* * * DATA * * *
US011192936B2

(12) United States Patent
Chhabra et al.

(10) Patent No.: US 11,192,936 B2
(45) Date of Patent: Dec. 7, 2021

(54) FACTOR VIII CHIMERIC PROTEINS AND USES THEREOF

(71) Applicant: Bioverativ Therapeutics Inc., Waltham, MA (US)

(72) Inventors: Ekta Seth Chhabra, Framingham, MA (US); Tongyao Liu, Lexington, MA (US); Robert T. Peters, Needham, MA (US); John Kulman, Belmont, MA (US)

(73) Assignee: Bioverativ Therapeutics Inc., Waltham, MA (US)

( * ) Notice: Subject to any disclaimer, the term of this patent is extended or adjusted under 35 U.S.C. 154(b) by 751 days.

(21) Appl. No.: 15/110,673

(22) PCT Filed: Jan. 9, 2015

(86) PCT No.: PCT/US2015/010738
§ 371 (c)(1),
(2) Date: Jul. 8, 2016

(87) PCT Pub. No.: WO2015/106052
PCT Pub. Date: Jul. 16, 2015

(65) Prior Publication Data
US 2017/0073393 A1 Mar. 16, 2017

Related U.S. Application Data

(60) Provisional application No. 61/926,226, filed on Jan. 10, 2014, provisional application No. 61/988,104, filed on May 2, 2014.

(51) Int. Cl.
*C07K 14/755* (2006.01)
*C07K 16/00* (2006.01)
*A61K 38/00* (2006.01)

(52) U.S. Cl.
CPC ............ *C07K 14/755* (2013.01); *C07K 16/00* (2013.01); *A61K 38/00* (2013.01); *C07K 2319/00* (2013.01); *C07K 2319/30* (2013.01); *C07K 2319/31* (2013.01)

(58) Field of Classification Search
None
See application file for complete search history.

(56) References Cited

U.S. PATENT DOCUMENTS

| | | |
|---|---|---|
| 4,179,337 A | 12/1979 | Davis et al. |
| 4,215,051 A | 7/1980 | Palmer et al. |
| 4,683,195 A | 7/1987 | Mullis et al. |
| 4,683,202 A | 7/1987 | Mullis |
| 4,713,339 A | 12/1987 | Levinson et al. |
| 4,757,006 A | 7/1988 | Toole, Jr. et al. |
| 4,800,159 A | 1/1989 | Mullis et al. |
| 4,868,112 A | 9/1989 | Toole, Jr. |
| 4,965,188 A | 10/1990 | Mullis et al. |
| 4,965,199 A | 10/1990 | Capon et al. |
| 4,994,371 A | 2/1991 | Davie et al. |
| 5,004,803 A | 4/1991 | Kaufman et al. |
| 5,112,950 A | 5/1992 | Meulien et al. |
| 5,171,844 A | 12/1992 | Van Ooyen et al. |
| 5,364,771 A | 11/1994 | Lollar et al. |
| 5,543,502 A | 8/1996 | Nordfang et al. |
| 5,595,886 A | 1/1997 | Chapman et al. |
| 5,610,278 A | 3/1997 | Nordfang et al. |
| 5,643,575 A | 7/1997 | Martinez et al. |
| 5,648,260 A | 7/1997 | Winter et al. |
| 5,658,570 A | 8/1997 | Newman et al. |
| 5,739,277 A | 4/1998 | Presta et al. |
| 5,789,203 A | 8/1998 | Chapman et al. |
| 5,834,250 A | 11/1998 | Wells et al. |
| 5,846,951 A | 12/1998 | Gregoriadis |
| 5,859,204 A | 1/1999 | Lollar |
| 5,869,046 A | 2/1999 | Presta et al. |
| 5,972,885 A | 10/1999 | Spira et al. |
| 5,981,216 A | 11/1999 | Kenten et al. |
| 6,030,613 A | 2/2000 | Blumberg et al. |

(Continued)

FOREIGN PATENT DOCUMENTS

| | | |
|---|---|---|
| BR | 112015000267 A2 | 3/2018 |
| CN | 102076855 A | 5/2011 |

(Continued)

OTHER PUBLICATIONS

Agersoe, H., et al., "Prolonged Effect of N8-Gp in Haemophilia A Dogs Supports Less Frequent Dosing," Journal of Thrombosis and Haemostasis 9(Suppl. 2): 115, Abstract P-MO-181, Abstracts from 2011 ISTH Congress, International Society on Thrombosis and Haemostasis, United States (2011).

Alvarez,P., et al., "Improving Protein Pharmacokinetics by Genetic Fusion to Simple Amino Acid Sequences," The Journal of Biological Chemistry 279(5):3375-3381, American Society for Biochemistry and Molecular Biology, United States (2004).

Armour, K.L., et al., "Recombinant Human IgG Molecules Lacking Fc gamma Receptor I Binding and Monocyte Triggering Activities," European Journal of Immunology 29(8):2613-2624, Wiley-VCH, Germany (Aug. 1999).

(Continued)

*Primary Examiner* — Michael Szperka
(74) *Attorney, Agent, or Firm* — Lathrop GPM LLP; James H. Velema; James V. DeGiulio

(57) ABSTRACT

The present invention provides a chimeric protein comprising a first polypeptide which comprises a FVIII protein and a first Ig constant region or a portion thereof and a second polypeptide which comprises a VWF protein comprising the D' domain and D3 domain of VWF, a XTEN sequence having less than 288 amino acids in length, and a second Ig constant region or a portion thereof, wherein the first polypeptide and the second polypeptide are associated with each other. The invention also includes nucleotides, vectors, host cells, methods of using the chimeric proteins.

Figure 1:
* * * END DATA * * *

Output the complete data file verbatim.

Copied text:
US011192936B2

(12) United States Patent
Chhabra et al.

(10) Patent No.: US 11,192,936 B2
(45) Date of Patent: Dec. 7, 2021

(54) FACTOR VIII CHIMERIC PROTEINS AND USES THEREOF

(71) Applicant: Bioverativ Therapeutics Inc., Waltham, MA (US)

(72) Inventors: Ekta Seth Chhabra, Framingham, MA (US); Tongyao Liu, Lexington, MA (US); Robert T. Peters, Needham, MA (US); John Kulman, Belmont, MA (US)

(73) Assignee: Bioverativ Therapeutics Inc., Waltham, MA (US)

( * ) Notice: Subject to any disclaimer, the term of this patent is extended or adjusted under 35 U.S.C. 154(b) by 751 days.

(21) Appl. No.: 15/110,673

(22) PCT Filed: Jan. 9, 2015

(86) PCT No.: PCT/US2015/010738
§ 371 (c)(1),
(2) Date: Jul. 8, 2016

(87) PCT Pub. No.: WO2015/106052
PCT Pub. Date: Jul. 16, 2015

(65) Prior Publication Data
US 2017/0073393 A1 Mar. 16, 2017

Related U.S. Application Data

(60) Provisional application No. 61/926,226, filed on Jan. 10, 2014, provisional application No. 61/988,104, filed on May 2, 2014.

(51) Int. Cl.
*C07K 14/755* (2006.01)
*C07K 16/00* (2006.01)
*A61K 38/00* (2006.01)

(52) U.S. Cl.
CPC ............ *C07K 14/755* (2013.01); *C07K 16/00* (2013.01); *A61K 38/00* (2013.01); *C07K 2319/00* (2013.01); *C07K 2319/30* (2013.01); *C07K 2319/31* (2013.01)

(58) Field of Classification Search
None
See application file for complete search history.

(56) References Cited

U.S. PATENT DOCUMENTS

| | | |
|---|---|---|
| 4,179,337 A | 12/1979 | Davis et al. |
| 4,215,051 A | 7/1980 | Palmer et al. |
| 4,683,195 A | 7/1987 | Mullis et al. |
| 4,683,202 A | 7/1987 | Mullis |
| 4,713,339 A | 12/1987 | Levinson et al. |
| 4,757,006 A | 7/1988 | Toole, Jr. et al. |
| 4,800,159 A | 1/1989 | Mullis et al. |
| 4,868,112 A | 9/1989 | Toole, Jr. |
| 4,965,188 A | 10/1990 | Mullis et al. |
| 4,965,199 A | 10/1990 | Capon et al. |
| 4,994,371 A | 2/1991 | Davie et al. |
| 5,004,803 A | 4/1991 | Kaufman et al. |
| 5,112,950 A | 5/1992 | Meulien et al. |
| 5,171,844 A | 12/1992 | Van Ooyen et al. |
| 5,364,771 A | 11/1994 | Lollar et al. |
| 5,543,502 A | 8/1996 | Nordfang et al. |
| 5,595,886 A | 1/1997 | Chapman et al. |
| 5,610,278 A | 3/1997 | Nordfang et al. |
| 5,643,575 A | 7/1997 | Martinez et al. |
| 5,648,260 A | 7/1997 | Winter et al. |
| 5,658,570 A | 8/1997 | Newman et al. |
| 5,739,277 A | 4/1998 | Presta et al. |
| 5,789,203 A | 8/1998 | Chapman et al. |
| 5,834,250 A | 11/1998 | Wells et al. |
| 5,846,951 A | 12/1998 | Gregoriadis |
| 5,859,204 A | 1/1999 | Lollar |
| 5,869,046 A | 2/1999 | Presta et al. |
| 5,972,885 A | 10/1999 | Spira et al. |
| 5,981,216 A | 11/1999 | Kenten et al. |
| 6,030,613 A | 2/2000 | Blumberg et al. |

(Continued)

FOREIGN PATENT DOCUMENTS

| | | |
|---|---|---|
| BR | 112015000267 A2 | 3/2018 |
| CN | 102076855 A | 5/2011 |

(Continued)

OTHER PUBLICATIONS

Agersoe, H., et al., "Prolonged Effect of N8-Gp in Haemophilia A Dogs Supports Less Frequent Dosing," Journal of Thrombosis and Haemostasis 9(Suppl. 2): 115, Abstract P-MO-181, Abstracts from 2011 ISTH Congress, International Society on Thrombosis and Haemostasis, United States (2011).

Alvarez,P., et al., "Improving Protein Pharmacokinetics by Genetic Fusion to Simple Amino Acid Sequences," The Journal of Biological Chemistry 279(5):3375-3381, American Society for Biochemistry and Molecular Biology, United States (2004).

Armour, K.L., et al., "Recombinant Human IgG Molecules Lacking Fc gamma Receptor I Binding and Monocyte Triggering Activities," European Journal of Immunology 29(8):2613-2624, Wiley-VCH, Germany (Aug. 1999).

(Continued)

*Primary Examiner* — Michael Szperka
(74) *Attorney, Agent, or Firm* — Lathrop GPM LLP; James H. Velema; James V. DeGiulio

(57) ABSTRACT

The present invention provides a chimeric protein comprising a first polypeptide which comprises a FVIII protein and a first Ig constant region or a portion thereof and a second polypeptide which comprises a VWF protein comprising the D' domain and D3 domain of VWF, a XTEN sequence having less than 288 amino acids in length, and a second Ig constant region or a portion thereof, wherein the first polypeptide and the second polypeptide are associated with each other. The invention also includes nucleotides, vectors, host cells, methods of using the chimeric proteins.

Figure 1: